Lack of explicit travel ban could tempt sunseekers to holiday under false pretenses

Oliver Smith
·3 min read
"It's a business trip, honest" - Getty
"It's a business trip, honest" - Getty

As details of a second lockdown emerged last Saturday, the biggest bombshell – for keen travellers, at least – was a blanket ban on international trips. 

“These are the measures to be announced by the PM, as I understand it,” tweeted ITV’s Robert Peston hours before Boris Johnson’s address to the nation, before reeling off a list of rules. Number 4? “Outbound international travel will be banned, except for work.” 

Despite the PM making no mention of a ban during his speech, airlines quickly began culling their flights, with Tui scrapping all departures from England and Wales until December 2 and EasyJet cutting the vast majority of its services. The detailed lockdown legislation, it was assumed, would confirm the moratorium. 

Not so. The full text dropped yesterday, and there is no mention anywhere of a specific ban on leaving the UK.

There is, of course, a requirement to remain at home except for certain reasons (and “going on holiday” is not one of them). But heading abroad is not, in itself, an offence.

It throws up all sorts of curious scenarios and loopholes, none of which – obviously – are endorsed by Telegraph Travel. 

  • Moving house? You are allowed to leave home to view a residential property. Presumably, this could be one overseas... 

  • You can leave home to shop, of course, and there is no rule on how far you can go. Does Barcelona’s Mercado de La Boqueria seem reasonable?

  • Exercise is fine, too, and there are no time limits. A seven-night cycling holiday in the Alps? Now don’t be silly. 

  • You can go out to attend a place of worship, be it the local Methodist church or – presumably – St Peter’s Basilica. 

  • There’s an exemption for those providing charitable services. Now I’ve been meaning to volunteer at that cat sanctuary in Kefalonia for years…

  • You can leave home for the purpose of “education of training”. How about training to be a sommelier in Chianti?

  • A wedding is another acceptable reason to be out and about. We presume that includes a last-minute ceremony on a beach in St Lucia? 

  • The legislation also seems to permit a person with no fixed abode to go on holiday (it says a homeless person is committing no offence by not being at home).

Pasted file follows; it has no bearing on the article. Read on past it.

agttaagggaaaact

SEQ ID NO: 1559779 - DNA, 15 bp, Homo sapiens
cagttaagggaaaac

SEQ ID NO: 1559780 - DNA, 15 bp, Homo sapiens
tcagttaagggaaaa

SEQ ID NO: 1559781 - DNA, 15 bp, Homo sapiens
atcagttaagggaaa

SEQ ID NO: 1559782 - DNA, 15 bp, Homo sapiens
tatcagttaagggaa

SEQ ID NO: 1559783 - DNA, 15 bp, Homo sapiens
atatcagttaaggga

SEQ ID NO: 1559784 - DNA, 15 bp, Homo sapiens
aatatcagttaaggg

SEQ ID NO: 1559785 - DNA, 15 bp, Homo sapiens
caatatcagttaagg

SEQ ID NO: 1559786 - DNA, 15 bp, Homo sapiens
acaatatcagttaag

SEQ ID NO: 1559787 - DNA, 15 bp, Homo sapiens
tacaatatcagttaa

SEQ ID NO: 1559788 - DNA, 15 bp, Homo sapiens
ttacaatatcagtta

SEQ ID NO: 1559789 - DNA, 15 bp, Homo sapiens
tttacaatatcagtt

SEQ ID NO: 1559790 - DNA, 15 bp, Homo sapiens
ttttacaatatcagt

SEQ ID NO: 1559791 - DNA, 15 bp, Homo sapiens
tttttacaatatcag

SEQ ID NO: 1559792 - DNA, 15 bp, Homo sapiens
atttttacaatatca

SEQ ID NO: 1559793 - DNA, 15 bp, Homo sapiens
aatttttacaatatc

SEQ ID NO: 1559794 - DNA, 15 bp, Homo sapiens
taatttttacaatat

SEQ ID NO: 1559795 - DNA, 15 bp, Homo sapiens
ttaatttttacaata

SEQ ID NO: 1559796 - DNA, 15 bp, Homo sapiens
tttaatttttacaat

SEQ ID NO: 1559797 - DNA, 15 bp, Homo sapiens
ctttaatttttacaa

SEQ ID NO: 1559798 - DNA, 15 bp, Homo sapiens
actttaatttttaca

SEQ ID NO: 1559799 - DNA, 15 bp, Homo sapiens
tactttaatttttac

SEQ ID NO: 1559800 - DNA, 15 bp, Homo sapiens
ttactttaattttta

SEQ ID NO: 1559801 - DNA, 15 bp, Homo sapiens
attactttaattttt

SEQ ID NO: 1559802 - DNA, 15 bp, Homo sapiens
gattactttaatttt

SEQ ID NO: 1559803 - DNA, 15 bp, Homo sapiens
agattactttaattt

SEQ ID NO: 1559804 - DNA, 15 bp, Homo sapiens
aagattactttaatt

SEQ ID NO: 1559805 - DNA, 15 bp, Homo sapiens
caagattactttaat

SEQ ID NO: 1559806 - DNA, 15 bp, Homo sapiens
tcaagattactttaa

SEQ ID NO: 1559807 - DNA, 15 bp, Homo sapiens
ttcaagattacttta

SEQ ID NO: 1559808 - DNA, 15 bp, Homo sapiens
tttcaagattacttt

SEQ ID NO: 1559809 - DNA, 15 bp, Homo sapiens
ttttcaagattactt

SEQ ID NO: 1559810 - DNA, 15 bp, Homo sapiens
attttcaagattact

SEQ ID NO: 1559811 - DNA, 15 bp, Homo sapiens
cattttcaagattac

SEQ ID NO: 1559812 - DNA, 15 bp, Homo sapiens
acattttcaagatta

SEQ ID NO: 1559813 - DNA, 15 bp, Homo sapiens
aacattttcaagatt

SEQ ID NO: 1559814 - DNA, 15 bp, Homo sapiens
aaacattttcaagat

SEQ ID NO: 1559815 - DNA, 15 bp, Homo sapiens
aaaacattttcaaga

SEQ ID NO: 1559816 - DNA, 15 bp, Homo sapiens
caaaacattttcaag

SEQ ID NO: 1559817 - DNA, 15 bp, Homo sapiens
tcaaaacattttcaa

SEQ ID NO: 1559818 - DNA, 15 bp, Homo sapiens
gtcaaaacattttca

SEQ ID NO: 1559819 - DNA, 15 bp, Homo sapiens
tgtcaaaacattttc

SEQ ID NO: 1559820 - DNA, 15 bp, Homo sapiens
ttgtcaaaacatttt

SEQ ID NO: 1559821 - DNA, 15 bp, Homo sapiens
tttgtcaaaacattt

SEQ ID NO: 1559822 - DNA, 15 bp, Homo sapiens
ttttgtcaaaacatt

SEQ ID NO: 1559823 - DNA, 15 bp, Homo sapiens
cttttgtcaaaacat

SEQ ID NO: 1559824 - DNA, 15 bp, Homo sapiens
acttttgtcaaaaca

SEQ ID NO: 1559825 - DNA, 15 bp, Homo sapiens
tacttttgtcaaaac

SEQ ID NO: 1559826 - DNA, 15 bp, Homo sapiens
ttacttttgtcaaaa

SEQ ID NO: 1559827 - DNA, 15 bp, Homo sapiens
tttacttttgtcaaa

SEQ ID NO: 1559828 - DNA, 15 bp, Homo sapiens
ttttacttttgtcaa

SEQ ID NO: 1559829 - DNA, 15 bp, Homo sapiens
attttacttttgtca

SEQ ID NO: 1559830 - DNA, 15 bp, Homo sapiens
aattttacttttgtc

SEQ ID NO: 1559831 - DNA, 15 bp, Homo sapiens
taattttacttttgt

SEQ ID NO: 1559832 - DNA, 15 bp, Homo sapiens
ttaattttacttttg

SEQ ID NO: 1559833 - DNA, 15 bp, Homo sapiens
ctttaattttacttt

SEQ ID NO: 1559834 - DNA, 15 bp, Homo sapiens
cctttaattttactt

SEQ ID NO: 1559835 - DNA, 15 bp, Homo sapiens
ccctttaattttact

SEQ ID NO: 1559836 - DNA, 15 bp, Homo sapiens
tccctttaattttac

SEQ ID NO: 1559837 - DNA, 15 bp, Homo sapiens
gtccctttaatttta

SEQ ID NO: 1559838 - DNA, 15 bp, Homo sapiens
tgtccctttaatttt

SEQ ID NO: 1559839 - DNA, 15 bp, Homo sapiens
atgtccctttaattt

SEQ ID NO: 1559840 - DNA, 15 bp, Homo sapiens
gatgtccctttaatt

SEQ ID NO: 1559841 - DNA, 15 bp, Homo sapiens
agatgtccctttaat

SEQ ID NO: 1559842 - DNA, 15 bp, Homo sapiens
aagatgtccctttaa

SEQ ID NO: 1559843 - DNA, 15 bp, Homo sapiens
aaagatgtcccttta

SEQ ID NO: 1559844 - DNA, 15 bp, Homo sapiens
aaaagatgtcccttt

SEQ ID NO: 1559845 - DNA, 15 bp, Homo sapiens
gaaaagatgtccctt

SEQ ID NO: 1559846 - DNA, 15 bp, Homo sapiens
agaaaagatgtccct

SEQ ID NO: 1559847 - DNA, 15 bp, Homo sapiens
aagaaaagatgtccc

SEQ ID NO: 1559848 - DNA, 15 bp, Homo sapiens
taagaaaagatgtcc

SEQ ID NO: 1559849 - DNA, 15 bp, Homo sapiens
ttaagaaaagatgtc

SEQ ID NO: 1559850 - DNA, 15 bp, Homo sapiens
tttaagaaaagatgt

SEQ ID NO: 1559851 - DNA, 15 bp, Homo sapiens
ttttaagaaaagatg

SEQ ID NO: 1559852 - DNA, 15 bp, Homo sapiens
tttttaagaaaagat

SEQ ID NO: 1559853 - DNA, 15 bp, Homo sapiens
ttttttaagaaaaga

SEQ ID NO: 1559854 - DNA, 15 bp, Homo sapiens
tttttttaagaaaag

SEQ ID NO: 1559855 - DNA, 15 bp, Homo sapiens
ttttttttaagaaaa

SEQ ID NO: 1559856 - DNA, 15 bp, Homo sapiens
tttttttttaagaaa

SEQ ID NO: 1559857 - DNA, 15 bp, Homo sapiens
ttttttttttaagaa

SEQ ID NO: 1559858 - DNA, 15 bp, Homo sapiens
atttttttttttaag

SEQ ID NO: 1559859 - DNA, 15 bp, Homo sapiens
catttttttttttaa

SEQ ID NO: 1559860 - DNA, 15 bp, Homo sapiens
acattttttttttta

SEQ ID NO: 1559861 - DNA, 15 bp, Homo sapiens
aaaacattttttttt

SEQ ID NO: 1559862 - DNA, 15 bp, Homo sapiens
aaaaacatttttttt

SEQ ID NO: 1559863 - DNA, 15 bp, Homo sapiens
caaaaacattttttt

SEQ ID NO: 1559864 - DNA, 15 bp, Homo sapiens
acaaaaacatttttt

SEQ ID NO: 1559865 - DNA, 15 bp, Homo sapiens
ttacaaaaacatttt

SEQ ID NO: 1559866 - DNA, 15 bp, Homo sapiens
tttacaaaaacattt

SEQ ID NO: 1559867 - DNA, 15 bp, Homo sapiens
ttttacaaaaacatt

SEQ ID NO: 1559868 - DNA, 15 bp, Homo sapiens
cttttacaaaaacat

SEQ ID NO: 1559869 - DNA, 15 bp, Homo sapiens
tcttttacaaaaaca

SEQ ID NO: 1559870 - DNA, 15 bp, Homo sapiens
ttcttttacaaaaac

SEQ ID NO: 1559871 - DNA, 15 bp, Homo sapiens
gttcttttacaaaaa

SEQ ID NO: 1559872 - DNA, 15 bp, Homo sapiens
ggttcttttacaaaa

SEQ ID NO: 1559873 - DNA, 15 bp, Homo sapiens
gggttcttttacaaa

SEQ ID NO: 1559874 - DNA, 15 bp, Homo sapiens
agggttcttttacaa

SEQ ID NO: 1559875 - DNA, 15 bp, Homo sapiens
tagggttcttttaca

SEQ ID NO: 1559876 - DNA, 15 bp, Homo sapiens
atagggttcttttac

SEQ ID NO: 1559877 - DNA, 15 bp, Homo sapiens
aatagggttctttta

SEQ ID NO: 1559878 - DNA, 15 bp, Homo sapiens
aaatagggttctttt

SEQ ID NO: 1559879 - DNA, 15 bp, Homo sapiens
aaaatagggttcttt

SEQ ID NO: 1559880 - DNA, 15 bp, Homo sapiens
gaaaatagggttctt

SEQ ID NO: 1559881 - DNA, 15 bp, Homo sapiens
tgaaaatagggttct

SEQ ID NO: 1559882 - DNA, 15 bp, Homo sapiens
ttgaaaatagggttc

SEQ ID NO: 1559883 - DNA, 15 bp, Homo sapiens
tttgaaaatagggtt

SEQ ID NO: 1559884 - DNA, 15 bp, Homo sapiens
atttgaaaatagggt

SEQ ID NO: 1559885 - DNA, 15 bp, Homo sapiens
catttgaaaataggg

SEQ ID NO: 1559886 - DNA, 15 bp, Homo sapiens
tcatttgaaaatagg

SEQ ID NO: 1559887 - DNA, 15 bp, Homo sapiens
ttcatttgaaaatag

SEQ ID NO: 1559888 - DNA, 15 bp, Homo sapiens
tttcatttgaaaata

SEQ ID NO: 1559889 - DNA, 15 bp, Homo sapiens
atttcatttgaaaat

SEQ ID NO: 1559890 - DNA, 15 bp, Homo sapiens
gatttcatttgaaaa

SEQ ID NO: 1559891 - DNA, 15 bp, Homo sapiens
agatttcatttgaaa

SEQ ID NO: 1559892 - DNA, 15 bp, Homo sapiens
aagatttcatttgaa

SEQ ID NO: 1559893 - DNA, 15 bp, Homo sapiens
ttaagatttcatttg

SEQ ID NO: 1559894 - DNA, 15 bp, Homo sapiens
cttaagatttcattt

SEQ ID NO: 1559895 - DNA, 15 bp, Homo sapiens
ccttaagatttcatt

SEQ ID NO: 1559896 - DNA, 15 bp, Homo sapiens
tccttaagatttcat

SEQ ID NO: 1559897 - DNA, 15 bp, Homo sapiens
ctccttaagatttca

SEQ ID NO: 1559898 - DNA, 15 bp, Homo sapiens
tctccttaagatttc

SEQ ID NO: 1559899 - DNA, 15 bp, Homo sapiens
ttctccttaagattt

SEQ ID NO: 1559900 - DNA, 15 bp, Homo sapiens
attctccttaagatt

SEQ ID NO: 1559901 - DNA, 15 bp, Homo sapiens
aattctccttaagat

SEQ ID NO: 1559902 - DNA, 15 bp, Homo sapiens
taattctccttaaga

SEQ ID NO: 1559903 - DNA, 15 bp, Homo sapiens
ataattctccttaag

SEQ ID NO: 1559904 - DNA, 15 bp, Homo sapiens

Travel for work is also permitted, of course. Which doesn’t seem particularly fair given that business travellers typically spend far more time in crowded urban environments – attending meetings and shaking hands – than winter sun seekers. The legislation mentions no requirement for people leaving the country to prove to their airline that they are on a work-related trip, and airlines say they have received no guidance on the matter.

John Grant from aviation analyst OAG said: “The term ‘all but essential travel’ will inevitably be interpreted by different people in different ways. As for the policing of who is leaving the country and why, the authorities simply do not have the resources to manage this on a large scale; if the UK Government can’t even get a grip on Test and Trace, this will be impossible.”

I’d be amazed if the loopholes don’t inspire a few determined sunseekers with plenty of chutzpah to head on holiday under false pretenses, and they will certainly have options.

During the first lockdown, despite the “stay at home” rules, airlines still offered flights (for “essential” travel, of course) to the likes of Paris, Valletta, Rome, Dubai, Madrid and Reykjavik. Ryanair has said it will continue to operate its entire (reduced) winter schedule (and it won’t be giving refunds if you don’t want to travel!).

Of course, there is an entirely legal way to escape the lockdown. Fly out before midnight and you’ll be breaking no rules, with the legislation saying it is reasonable to be outside one’s home if one is returning from holiday, so long as the holiday began before the regulations came into force. You have eight hours.